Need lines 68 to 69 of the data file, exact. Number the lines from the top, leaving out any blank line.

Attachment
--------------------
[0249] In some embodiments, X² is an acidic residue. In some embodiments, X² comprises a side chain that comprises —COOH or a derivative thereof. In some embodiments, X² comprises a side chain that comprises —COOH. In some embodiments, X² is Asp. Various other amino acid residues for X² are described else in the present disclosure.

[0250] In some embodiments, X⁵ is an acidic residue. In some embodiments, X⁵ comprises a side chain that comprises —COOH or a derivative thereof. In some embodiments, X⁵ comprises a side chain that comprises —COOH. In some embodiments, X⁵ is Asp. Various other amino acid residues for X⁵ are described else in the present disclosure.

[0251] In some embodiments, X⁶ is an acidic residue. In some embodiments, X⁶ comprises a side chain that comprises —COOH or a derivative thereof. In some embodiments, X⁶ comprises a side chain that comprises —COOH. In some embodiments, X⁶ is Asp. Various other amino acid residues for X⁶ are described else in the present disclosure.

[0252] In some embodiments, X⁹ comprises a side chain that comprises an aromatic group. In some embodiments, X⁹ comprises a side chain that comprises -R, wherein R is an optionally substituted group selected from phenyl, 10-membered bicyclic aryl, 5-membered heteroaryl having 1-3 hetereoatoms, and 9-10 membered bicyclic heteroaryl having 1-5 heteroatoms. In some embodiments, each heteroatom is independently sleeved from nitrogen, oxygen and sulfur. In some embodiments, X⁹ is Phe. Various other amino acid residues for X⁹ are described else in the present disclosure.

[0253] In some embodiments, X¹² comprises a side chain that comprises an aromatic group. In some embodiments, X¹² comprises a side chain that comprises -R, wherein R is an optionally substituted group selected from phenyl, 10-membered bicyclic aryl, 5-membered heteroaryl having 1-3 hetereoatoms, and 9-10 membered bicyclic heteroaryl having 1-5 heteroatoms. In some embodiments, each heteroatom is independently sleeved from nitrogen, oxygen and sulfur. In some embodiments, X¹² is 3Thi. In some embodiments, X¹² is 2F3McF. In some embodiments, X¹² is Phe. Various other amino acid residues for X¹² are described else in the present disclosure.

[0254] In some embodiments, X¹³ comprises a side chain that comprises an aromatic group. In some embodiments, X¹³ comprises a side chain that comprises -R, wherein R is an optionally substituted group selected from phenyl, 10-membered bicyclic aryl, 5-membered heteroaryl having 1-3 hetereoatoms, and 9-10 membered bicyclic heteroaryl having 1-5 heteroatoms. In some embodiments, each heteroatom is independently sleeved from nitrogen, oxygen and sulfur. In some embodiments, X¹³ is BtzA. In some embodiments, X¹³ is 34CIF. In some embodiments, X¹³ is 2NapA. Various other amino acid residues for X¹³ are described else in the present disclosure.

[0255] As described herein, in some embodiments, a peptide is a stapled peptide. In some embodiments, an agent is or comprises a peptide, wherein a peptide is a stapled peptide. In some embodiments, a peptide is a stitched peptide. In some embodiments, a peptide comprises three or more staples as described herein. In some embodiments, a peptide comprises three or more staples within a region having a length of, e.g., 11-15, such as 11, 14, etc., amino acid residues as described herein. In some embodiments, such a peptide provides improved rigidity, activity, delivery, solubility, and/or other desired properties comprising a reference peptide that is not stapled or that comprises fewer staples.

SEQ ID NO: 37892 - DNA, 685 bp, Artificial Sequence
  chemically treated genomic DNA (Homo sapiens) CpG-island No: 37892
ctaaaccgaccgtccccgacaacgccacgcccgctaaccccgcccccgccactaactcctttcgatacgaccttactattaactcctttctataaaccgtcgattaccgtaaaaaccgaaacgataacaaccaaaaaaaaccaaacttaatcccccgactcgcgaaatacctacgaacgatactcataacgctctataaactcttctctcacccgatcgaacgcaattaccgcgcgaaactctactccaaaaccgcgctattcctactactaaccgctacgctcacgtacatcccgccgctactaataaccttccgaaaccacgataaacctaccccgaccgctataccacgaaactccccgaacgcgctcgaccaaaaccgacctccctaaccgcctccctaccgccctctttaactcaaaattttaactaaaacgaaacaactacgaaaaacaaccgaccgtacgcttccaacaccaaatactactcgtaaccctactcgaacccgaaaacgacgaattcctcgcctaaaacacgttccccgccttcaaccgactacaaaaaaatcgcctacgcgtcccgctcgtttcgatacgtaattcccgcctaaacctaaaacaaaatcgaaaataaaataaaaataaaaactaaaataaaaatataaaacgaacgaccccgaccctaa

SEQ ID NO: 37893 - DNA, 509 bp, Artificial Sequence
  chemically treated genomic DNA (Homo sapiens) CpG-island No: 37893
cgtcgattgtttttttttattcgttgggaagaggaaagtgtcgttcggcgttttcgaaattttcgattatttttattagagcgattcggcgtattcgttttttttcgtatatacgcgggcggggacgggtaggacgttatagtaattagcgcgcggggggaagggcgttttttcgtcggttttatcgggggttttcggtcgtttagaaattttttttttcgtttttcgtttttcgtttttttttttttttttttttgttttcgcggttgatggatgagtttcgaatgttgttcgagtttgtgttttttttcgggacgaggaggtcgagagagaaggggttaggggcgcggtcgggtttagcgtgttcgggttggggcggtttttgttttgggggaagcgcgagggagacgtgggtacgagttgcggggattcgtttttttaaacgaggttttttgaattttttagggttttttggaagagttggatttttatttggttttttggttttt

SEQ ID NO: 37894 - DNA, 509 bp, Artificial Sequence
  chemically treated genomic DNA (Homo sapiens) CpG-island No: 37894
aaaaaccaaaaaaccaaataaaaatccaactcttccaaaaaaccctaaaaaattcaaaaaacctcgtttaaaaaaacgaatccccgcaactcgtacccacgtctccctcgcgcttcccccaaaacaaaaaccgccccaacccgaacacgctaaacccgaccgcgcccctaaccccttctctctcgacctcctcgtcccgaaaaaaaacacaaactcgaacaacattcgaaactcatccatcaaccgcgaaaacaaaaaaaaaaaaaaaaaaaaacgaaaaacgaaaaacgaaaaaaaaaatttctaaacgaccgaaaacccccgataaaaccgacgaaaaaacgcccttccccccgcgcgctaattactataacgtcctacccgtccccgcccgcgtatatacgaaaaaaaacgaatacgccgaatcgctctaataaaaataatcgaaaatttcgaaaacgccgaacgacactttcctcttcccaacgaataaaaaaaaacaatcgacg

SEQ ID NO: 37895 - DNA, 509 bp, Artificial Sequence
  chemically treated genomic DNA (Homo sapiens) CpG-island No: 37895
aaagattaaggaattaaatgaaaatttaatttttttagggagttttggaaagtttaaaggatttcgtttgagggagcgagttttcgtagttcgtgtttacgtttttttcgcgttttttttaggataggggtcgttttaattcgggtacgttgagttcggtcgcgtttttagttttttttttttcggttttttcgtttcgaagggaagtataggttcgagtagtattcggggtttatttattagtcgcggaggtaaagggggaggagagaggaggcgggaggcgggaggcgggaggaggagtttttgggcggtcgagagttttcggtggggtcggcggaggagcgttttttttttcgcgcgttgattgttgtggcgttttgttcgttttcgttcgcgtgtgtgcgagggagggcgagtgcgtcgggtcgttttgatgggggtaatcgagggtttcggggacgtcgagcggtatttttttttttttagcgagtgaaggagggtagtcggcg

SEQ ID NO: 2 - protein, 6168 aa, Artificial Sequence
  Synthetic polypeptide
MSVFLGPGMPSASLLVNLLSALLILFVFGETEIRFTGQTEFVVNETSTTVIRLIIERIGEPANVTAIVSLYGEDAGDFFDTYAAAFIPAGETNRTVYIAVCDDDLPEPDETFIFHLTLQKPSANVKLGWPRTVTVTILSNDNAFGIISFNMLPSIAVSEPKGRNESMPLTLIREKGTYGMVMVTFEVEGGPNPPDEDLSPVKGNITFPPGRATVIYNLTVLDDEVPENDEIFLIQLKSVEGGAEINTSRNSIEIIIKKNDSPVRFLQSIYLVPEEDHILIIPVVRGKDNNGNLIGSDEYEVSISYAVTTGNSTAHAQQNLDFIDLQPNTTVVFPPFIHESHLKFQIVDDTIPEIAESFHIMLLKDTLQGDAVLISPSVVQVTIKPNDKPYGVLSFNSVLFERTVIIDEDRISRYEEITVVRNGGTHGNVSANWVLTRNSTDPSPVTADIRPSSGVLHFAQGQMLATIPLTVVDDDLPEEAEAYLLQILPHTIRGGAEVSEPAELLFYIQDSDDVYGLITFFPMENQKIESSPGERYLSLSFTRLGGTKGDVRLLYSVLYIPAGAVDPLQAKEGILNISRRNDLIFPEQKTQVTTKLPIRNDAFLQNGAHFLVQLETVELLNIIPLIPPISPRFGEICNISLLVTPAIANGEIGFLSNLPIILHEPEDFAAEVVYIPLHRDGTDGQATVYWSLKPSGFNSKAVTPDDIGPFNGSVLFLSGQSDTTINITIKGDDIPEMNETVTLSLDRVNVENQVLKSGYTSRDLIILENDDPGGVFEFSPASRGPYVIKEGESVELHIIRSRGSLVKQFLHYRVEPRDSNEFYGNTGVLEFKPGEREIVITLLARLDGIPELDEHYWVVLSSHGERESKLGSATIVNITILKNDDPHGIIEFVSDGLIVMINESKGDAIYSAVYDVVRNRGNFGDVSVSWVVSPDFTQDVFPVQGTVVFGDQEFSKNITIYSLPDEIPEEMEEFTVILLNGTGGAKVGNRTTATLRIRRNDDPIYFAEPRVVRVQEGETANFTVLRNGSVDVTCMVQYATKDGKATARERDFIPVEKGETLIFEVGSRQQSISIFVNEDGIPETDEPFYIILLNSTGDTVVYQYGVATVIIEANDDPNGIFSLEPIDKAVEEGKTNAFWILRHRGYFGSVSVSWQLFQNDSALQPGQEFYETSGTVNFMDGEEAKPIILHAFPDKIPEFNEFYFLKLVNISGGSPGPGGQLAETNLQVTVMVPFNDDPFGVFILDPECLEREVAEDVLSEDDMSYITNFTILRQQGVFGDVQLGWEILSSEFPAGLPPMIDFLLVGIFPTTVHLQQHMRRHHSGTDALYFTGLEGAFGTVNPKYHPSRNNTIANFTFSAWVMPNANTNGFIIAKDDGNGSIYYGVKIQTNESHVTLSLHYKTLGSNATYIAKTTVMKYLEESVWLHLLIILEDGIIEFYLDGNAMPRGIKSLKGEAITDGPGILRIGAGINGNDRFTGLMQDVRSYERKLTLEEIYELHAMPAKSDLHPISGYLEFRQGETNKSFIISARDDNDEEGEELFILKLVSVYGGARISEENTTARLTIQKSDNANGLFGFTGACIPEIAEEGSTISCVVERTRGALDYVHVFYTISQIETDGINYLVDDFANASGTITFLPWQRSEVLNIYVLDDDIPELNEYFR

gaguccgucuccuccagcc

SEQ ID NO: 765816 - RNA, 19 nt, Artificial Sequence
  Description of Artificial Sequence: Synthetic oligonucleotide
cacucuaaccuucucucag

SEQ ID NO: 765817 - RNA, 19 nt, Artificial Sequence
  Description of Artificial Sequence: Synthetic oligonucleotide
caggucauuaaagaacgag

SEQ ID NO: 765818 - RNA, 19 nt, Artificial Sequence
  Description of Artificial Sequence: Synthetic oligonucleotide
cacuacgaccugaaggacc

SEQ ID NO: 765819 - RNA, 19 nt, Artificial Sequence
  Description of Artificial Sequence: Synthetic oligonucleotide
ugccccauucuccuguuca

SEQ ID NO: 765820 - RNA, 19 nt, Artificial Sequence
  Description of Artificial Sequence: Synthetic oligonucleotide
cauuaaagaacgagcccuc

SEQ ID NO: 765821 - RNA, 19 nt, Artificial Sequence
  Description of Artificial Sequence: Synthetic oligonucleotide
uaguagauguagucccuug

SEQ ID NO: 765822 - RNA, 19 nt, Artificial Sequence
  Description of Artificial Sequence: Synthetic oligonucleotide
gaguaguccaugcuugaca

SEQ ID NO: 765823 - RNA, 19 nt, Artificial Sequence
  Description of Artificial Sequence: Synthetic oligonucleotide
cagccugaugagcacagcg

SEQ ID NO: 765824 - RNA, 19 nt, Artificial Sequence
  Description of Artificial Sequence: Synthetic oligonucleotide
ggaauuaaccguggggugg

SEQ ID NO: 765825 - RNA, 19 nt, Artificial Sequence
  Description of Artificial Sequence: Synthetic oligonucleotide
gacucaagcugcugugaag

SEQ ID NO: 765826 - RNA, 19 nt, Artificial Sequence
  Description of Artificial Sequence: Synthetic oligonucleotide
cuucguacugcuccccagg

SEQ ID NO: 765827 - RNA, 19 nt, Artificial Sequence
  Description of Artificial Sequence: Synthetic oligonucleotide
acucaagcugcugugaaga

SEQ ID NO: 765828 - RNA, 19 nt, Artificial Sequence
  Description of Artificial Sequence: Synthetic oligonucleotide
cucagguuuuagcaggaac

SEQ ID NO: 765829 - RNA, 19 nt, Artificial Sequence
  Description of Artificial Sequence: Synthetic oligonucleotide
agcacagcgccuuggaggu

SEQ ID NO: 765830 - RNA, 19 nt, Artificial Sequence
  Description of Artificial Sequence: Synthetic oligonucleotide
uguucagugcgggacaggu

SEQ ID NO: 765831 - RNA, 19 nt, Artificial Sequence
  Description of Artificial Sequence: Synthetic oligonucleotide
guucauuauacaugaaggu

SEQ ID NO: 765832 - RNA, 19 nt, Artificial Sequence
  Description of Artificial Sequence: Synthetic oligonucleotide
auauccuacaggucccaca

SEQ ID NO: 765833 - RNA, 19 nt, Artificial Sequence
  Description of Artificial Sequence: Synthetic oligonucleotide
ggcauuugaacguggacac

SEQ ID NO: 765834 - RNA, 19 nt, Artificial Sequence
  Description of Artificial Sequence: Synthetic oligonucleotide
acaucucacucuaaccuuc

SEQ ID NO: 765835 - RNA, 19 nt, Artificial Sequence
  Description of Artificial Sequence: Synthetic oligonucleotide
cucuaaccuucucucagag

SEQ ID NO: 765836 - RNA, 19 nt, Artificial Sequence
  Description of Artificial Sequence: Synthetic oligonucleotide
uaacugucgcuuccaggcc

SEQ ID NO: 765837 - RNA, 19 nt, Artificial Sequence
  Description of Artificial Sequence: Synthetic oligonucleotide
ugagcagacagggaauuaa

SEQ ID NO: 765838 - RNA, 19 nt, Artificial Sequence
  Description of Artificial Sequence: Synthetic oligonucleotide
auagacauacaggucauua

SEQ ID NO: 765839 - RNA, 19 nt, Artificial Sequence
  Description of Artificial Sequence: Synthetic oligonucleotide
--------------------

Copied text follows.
uguucagugcgggacaggu

SEQ ID NO: 765831 - RNA, 19 nt, Artificial Sequence